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Youngkin calls for increased investment in law enforcement, claims state economy is faltering

Person speaking
Gov. Glenn Youngkin speaks before the General Assembly. (Screenshot from live stream)

Correction: This article previously stated that the General Assembly committed $850 billion to universal broadband in Virginia. The correct figure is $850 million. We have updated the article and apologize for the error.

Newly inaugurated Gov. Glenn Youngkin continued themes from his campaign, including the removal of “Critical Race Theory” from Virginia’s schools and increased investment in law enforcement, during his first address before the state’s legislature on Monday.

Youngkin also pledged to increase the responsiveness and effectiveness of the state government, saying he would leverage his business experience to increase bureaucratic efficiency. He promised to increase outside investment in Virginia, claiming it’s being outcompeted by other Southern states. 

“We’re going to repeal needless regulations. We’re going to invest in job training. We’re going to foster innovation. And we’re going to win the competition for jobs and corporate relocations,” he said. “To make sure we don’t lose the next advanced battery manufacturing plant after seeing several go to Kentucky, Tennessee, North Carolina and Georgia.”

That statement comes in contrast to former Gov. Ralph Northam’s claim during his legislative address last week that under his administration, Virginia had seen its greatest period of economic investment. PolitiFact VA rated that statement “Mostly True.”

Northam’s administration announced over $81.4 billion in corporate investment, more than quadruple that of any of his predecessors, but PolitiFact noted that announced deals sometimes fall through or deliver less investment than promised. Much of that investment came in capital-intensive industries, such as data centers, meaning that despite the high dollar value, more jobs were announced under previous administrations.

Youngkin promised to bring universal broadband to the state, claiming previous administrations left rural Virginia behind. The General Assembly, however, committed $850 million in state and federal money to universal broadband last year, along with over $1 billion in private and local government funds.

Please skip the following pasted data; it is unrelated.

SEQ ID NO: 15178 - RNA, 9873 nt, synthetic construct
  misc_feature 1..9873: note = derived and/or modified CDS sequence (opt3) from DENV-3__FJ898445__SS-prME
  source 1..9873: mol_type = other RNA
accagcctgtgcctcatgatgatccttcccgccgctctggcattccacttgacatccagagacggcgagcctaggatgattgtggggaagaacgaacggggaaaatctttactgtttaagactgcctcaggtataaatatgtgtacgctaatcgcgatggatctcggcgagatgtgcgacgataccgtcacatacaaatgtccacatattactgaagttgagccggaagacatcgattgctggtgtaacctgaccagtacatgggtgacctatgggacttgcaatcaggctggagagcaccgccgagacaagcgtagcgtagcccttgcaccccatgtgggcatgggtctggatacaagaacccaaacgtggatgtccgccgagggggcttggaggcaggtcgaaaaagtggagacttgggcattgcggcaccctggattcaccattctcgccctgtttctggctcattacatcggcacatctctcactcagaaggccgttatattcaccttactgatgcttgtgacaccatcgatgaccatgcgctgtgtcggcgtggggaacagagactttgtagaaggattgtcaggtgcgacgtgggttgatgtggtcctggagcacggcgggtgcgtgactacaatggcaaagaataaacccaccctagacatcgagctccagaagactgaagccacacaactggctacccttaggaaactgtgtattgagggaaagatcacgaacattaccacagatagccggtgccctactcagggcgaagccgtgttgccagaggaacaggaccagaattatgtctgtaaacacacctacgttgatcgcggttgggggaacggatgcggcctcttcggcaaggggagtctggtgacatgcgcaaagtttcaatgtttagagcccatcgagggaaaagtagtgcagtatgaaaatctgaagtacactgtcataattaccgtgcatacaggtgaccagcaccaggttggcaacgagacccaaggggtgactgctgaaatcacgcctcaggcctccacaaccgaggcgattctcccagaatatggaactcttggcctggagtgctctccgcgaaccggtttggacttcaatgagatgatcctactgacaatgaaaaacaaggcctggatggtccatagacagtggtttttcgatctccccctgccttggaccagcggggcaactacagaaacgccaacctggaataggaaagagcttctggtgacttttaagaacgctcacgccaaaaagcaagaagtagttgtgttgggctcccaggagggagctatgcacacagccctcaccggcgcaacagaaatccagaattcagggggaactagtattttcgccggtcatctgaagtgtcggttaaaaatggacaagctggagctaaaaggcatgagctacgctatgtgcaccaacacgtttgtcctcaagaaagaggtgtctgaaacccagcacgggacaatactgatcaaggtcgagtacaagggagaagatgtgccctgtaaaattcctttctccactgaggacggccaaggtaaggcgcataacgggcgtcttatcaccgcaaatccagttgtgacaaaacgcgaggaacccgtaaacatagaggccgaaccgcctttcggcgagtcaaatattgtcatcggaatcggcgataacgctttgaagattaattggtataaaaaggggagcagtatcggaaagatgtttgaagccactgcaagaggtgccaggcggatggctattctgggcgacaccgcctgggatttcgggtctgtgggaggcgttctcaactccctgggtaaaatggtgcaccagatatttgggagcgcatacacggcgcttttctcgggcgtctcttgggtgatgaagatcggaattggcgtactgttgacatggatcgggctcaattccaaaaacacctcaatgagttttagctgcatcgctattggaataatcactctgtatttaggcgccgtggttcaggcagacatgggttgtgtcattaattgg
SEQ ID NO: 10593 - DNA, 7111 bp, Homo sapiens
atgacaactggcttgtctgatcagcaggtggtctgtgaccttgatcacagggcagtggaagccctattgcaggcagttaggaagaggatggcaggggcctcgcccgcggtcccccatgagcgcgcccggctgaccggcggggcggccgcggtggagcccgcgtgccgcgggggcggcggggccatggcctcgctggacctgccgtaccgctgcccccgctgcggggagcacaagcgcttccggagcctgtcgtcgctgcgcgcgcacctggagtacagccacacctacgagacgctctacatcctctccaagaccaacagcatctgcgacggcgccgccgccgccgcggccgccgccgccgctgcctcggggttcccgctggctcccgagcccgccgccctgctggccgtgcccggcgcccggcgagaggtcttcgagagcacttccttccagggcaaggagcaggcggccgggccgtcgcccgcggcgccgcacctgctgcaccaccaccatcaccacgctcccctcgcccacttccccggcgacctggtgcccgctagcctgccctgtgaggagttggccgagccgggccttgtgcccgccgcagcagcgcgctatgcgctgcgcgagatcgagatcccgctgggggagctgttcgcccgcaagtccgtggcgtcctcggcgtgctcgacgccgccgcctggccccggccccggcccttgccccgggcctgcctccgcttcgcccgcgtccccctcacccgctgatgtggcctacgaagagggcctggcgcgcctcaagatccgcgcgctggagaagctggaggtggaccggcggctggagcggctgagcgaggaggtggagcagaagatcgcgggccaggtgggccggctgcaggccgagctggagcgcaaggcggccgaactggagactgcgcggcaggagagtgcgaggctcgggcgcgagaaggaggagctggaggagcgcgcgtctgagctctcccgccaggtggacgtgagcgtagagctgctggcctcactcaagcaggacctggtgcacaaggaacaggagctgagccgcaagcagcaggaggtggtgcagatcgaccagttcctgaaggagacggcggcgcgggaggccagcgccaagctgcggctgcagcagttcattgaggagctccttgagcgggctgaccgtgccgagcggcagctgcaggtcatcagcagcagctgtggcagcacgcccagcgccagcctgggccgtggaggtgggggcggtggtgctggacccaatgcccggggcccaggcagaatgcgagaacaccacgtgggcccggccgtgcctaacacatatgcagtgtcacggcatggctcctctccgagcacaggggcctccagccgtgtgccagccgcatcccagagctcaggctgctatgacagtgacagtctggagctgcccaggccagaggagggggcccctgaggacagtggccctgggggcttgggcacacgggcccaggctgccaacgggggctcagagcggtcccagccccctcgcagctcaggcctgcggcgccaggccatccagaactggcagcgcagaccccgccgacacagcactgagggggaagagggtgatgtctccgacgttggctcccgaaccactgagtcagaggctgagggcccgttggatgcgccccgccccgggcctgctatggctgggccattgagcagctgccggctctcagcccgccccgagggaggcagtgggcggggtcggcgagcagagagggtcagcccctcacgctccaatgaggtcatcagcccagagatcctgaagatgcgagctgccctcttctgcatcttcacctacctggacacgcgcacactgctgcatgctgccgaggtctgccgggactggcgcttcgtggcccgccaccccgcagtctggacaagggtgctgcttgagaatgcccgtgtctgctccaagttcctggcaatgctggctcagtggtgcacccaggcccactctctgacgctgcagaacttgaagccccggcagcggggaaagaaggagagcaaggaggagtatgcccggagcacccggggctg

Youngkin continued his call to lower taxes; he’s thrown his support behind ending the grocery tax, delaying an increase in the gas tax and doubling the standard deduction for state income taxes. He claims that a record state budget surplus is proof Virginia over-taxes its citizens, though economists note the state is near the median for tax rates.

“Virginians are struggling with the high cost of living in a commonwealth with skyrocketing housing costs, rising fuel prices and the silent wage theft of inflation,” Youngkin said. “There are economic fundamentals we don’t control in Virginia, that must be dealt with at the federal level.”

“But there is one vital thing we can do to help Virginians. And that is remove some of the tax burden added on top of rising prices for groceries, gasoline and housing.”

Economists have also noted that Virginia’s cost of living is near the median, but housing affordability remains a major issue, largely driven by a lack of supply. Energy and food have seen rapid price rises recently, though both are historically known for high price volatility.

Youngkin also pledged to increase state funding for law enforcement, including $100 million for a new state police training facility and $26 million in state funding for police departments.